The Superscripts and Subscripts block (U+2070..U+209F) together with U+00B2 ², U+00B3 ³, and U+00B9 ¹ contain a collection of superscript and subscript digits and punctuation that can be useful in mathematics. If they are used, it is recommended that they be displayed with the same font size as other subscripts and superscripts at the corresponding nested script level. For example, and a<super>2 should be displayed the same. However, these subscript/superscript characters are not used in MathML or TEX and their use with XML documents for mathematical use is discouraged, see Unicode Technical Report #20, Unicode in XML and other Markup Languages [UXML]. Editors for these formats may offer facilities to convert these characters to regular characters plus markup.
Parsing of Superscript and Subscript Digits. Unlike regular digits the superscript and subscript digits have not been given the General Category property of Decimal_Digit (Nd). This prevents expressions like 23 from being interpreted as 23 by simplistic numeric parsers. More sophisticated numeric parsers, such as general mathematical expression parsers, can nevertheless choose to identify these compatibility superscript and subscript characters as digits and interpret them appropriately within their own scope.
Arrows are used for a variety of purposes in mathematics and elsewhere, such as to imply directional relation, to show logical derivation or implication, and to represent the cursor control keys. Accordingly Unicode includes a fairly extensive set of arrows U+2190..U+21FF, U+27F0..U+27FF, U+2900..U+297F, many of which appear in mathematics. It does not attempt to encode every possible stylistic variant of arrows separately, especially where their use is mainly decorative. For most arrow variants, the Unicode Standard provides encodings in the two horizontal directions, often in the four cardinal directions. For the single and double arrows, the Unicode Standard provides encodings in eight directions.
Unifications. Arrows expressing mathematical relations have been encoded in the Arrows block as well as in Supplemental Arrows-A and Supplemental Arrows-B. An example is U+21D2 ⇒ RIGHTWARDS DOUBLE ARROW, which may be used to denote implies. Where available, such usage information is indicated in the annotations to individual characters in the Unicode Standard 6.0 [U6.0], Chapter 17, Code Charts, and in the online code charts [Charts].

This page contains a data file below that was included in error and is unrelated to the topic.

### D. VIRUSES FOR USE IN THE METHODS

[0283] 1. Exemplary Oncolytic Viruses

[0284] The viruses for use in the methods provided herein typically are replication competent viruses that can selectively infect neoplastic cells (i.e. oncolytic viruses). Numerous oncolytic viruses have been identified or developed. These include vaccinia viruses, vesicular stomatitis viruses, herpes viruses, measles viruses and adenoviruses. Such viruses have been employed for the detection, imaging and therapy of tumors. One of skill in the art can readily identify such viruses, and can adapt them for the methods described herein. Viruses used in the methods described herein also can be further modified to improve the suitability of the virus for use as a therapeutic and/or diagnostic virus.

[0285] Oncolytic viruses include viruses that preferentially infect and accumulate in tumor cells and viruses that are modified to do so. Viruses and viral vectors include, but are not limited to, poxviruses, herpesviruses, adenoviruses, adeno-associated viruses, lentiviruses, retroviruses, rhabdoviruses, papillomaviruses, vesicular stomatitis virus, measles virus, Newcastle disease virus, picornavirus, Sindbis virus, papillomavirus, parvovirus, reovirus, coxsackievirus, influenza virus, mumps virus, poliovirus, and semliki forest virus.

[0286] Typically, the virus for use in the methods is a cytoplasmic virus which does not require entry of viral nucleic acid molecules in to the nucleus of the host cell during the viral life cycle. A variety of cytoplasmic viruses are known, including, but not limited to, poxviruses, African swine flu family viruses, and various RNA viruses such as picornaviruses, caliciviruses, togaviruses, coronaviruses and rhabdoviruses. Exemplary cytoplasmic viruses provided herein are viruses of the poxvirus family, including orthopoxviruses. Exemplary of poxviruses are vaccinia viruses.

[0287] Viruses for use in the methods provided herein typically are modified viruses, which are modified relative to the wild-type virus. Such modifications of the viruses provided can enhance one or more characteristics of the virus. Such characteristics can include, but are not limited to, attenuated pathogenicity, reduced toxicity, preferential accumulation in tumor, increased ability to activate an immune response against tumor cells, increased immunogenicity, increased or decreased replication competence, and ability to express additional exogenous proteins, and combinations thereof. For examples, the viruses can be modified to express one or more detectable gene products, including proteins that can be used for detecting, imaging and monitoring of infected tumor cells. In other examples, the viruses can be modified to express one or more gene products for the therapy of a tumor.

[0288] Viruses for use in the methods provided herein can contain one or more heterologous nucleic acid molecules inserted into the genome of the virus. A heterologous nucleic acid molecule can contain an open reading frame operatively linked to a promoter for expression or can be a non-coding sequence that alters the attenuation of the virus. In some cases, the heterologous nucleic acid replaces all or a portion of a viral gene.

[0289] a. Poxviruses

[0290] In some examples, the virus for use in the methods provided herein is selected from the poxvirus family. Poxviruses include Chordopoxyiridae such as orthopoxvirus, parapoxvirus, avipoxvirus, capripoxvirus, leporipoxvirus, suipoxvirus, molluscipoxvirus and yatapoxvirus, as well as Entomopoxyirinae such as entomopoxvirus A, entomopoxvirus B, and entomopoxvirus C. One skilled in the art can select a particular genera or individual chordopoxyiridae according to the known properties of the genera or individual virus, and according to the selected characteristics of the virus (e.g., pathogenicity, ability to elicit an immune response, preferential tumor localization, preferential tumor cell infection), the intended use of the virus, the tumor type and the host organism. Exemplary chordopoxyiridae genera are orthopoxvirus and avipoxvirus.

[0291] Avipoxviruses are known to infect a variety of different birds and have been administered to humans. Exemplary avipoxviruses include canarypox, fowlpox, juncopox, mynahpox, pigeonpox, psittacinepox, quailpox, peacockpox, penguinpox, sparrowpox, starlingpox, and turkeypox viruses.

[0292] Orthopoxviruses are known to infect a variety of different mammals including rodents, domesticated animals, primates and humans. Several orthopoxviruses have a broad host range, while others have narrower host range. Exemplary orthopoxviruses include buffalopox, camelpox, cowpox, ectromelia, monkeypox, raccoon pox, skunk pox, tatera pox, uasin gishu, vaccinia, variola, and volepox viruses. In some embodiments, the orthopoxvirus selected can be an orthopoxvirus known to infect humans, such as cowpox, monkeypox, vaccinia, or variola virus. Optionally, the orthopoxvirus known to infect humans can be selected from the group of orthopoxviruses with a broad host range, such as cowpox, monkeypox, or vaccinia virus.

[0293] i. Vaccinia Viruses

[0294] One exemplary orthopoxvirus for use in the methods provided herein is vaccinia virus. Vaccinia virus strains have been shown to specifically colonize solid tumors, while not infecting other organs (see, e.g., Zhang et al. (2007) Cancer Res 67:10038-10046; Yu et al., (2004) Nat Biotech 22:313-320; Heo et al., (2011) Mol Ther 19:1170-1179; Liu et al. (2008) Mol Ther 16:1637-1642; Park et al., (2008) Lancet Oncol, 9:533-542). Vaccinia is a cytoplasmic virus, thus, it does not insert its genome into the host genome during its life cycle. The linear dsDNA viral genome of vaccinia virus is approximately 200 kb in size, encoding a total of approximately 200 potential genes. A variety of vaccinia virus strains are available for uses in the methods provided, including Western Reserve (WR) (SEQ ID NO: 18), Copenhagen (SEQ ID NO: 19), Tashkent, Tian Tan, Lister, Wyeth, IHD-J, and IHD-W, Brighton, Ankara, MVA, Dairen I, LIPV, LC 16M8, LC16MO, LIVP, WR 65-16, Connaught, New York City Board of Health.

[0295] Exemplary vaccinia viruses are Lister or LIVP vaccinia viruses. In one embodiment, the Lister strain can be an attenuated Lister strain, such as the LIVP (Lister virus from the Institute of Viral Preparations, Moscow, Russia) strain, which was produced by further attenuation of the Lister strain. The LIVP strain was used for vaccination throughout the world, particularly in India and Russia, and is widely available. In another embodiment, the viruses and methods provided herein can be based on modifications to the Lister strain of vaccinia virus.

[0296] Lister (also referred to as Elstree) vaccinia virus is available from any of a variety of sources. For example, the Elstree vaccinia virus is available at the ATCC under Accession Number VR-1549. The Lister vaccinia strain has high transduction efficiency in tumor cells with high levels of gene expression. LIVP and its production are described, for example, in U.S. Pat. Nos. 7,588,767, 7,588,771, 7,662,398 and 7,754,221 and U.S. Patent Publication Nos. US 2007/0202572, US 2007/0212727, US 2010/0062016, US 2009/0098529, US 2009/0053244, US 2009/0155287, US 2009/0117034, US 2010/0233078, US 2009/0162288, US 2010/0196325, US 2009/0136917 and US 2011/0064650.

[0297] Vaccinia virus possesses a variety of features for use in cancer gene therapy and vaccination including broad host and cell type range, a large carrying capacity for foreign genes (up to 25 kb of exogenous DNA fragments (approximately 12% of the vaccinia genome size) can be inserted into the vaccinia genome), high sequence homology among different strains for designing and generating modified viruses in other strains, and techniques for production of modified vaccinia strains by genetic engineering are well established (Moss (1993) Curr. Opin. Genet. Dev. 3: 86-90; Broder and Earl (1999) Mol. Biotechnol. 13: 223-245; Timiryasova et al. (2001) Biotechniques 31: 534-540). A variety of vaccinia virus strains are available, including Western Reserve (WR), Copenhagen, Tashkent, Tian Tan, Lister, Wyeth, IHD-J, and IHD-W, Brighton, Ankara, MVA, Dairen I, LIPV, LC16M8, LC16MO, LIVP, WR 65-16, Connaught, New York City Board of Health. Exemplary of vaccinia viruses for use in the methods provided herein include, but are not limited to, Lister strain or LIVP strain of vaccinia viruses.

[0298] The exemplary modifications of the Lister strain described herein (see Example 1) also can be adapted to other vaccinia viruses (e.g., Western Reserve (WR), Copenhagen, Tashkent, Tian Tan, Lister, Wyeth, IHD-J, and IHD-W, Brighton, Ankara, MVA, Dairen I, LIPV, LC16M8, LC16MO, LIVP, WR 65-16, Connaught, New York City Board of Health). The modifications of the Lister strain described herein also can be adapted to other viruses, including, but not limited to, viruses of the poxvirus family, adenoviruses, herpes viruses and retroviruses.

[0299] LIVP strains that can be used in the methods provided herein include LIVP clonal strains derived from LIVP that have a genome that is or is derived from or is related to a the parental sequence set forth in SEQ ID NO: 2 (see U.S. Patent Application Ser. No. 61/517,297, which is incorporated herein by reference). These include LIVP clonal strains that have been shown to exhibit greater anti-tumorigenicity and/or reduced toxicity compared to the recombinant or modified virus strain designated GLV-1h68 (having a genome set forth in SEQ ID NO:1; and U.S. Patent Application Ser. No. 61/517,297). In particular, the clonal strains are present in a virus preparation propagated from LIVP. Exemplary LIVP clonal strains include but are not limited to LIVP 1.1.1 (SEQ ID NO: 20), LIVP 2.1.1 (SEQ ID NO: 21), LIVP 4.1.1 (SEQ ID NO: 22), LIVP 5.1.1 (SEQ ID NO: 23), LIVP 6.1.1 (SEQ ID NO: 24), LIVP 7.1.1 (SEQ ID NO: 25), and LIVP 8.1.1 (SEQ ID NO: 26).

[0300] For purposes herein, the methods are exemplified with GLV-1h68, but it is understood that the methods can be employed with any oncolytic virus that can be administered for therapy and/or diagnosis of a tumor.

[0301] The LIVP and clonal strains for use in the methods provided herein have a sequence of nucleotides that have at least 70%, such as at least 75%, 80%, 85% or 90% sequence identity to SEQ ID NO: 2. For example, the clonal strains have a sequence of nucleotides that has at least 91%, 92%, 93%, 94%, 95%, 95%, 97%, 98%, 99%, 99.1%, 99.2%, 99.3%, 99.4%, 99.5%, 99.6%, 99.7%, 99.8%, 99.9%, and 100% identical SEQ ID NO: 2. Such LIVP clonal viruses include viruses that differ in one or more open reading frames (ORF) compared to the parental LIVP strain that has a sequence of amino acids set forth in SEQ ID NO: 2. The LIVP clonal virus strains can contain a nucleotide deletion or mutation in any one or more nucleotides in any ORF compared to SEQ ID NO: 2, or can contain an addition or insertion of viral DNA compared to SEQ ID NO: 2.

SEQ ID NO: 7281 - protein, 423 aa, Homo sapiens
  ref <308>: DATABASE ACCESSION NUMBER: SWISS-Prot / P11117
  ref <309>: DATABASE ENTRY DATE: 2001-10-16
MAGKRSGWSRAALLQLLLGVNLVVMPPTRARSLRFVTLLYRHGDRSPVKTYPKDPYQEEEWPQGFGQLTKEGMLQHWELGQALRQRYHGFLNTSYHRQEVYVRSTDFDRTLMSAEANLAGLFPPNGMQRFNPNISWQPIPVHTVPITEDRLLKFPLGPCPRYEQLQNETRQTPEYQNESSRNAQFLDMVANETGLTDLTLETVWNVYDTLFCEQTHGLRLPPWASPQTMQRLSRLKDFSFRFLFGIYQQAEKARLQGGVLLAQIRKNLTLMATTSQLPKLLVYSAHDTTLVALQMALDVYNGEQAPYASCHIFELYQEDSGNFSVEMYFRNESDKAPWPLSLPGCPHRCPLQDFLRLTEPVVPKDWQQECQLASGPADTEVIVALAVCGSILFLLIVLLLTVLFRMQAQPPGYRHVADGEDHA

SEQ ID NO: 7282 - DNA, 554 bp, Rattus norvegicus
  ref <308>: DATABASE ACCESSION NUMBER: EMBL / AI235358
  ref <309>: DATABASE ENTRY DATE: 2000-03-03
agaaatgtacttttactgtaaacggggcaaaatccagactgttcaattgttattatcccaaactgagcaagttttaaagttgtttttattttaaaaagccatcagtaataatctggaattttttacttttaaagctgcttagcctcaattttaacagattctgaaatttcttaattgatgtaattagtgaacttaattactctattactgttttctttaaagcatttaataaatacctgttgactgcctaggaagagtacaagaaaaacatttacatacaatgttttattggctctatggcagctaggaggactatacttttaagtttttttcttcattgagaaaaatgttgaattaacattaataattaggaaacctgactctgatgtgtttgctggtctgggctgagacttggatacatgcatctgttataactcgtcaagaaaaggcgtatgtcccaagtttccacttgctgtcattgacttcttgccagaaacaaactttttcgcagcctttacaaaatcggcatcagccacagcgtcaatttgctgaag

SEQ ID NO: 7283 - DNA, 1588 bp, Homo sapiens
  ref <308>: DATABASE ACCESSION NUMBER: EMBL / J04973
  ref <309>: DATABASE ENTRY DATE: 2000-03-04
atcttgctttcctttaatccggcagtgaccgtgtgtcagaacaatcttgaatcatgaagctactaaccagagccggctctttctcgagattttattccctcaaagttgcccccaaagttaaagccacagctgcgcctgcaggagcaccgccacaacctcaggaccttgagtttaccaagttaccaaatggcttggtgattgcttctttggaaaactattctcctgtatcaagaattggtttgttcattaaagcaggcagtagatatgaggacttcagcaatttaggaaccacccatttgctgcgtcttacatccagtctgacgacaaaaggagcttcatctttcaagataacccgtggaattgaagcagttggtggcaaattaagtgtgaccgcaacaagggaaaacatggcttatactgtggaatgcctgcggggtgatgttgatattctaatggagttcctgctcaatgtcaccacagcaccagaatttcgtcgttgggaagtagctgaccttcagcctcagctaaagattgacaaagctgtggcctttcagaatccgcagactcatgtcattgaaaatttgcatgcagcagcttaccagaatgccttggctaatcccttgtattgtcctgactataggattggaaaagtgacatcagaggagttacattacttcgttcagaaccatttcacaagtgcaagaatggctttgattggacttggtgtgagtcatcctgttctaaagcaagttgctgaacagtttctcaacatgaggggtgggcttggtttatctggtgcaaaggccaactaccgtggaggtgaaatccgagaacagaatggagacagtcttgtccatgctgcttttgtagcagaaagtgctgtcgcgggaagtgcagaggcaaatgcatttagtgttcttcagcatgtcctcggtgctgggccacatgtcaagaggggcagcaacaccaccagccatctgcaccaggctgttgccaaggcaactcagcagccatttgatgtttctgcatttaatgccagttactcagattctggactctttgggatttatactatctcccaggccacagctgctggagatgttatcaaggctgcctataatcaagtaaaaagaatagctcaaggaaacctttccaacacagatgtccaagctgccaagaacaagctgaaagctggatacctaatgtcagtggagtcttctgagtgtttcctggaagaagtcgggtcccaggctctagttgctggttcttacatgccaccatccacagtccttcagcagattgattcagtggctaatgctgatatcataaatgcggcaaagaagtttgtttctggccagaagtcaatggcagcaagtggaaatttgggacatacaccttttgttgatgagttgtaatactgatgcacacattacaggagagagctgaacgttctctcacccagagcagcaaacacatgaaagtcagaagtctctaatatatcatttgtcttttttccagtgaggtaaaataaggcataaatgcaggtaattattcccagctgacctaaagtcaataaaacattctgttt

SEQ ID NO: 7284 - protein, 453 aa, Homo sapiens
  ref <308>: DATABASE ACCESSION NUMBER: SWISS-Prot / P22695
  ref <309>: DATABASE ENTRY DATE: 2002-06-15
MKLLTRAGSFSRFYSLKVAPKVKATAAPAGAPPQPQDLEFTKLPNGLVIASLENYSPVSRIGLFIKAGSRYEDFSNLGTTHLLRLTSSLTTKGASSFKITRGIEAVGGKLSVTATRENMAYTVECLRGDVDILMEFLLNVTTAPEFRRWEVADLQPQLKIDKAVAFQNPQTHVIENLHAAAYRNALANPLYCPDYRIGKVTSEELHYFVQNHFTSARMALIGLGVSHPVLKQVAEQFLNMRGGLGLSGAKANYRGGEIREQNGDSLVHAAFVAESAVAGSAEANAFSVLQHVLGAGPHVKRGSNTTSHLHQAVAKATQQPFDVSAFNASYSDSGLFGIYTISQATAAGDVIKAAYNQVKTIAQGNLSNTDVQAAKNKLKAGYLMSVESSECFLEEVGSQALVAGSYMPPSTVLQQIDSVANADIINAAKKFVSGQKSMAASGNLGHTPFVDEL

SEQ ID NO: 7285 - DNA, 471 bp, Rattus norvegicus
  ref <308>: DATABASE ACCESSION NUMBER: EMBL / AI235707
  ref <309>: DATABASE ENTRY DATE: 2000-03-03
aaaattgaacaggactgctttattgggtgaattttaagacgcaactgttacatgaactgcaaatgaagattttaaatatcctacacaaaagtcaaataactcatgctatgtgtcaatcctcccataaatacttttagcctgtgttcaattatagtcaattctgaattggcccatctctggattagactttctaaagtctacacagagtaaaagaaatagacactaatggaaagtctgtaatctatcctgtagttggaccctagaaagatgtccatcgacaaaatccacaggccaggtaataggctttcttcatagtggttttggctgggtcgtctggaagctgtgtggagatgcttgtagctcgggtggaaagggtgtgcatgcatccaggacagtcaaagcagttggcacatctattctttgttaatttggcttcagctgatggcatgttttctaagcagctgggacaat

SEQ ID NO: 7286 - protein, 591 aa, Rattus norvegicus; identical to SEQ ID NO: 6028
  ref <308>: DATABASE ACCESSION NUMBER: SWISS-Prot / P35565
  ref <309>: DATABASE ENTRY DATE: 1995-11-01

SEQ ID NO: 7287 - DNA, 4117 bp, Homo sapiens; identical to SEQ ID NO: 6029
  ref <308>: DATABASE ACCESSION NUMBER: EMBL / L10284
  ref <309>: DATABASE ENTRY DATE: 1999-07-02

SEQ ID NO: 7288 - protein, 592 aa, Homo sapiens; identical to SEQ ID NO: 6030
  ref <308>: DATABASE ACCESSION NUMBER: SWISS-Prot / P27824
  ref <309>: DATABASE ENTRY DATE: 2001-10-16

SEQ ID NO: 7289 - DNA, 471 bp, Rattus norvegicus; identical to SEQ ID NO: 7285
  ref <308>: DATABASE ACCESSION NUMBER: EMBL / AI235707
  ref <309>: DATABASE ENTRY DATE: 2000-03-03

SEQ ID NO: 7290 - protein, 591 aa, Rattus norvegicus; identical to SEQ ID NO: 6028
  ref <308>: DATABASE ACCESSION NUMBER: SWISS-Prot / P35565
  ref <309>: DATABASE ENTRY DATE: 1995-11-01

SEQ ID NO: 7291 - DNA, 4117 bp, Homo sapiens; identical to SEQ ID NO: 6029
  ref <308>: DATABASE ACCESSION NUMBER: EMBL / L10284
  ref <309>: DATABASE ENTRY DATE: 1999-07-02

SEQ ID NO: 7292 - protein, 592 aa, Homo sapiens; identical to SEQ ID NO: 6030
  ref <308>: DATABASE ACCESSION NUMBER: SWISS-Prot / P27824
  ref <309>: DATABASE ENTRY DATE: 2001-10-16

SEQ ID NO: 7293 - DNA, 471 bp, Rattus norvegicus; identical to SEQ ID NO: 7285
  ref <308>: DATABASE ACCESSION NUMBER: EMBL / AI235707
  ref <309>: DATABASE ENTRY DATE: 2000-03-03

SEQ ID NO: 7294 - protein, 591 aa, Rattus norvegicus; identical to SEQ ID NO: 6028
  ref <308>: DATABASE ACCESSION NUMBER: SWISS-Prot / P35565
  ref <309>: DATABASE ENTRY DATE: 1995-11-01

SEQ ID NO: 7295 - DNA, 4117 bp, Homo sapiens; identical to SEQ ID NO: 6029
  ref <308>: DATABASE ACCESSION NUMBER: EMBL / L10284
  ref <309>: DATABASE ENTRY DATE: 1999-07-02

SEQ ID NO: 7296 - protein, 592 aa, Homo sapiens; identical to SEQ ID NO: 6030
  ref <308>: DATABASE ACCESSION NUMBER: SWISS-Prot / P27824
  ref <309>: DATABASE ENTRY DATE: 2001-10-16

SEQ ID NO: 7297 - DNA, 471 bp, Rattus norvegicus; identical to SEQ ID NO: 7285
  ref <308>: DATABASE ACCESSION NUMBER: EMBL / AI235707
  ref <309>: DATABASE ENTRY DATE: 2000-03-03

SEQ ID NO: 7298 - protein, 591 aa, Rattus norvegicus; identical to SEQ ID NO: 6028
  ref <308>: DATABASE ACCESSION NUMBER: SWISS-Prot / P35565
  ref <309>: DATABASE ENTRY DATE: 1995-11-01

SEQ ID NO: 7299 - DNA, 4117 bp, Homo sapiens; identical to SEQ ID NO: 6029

Long Arrows. The long arrows encoded in the range U+27F5..U+27FF map to standard SGML entity sets supported by MathML. Long arrows represent distinct semantics from their short counterparts, rather than mere stylistic glyph differences. For example, the shorter forms of arrows are often used in connection with limits, whereas the longer ones are associated with mappings. The use of the long arrows is so common that they were assigned entity names in the ISOAMSA entity set, one of the suites of mathematical symbol entity sets covered by the Unicode Standard.
The mathematical white square brackets, angle brackets, and double angle brackets encoded at U+27E6..U+27EB are intended for ordinary use of these particular bracket types. They are unambiguously narrow, for use in mathematical and scientific notation, and should be distinguished from the corresponding wide forms of white square brackets, angle brackets, and double angle brackets used in CJK typography. (See the CJK Symbols and Punctuation block.)
For ordinary tortoise-shell brackets, the use of U+2772 〔 LIGHT LEFT TORTOISE SHELL BRACKET ORNAMENT and U+2773 〕 LIGHT RIGHT TORTOISE SHELL BRACKET ORNAMENT is recommended for mathematical use, instead of the CJK Punctuation characters at U+3014 and U+3015. In this instance [Unicode] relaxes the constraint on the design of the Dingbats block, which is that glyphs for characters in this block are intended to match the design of the popular Zapf Dingbats.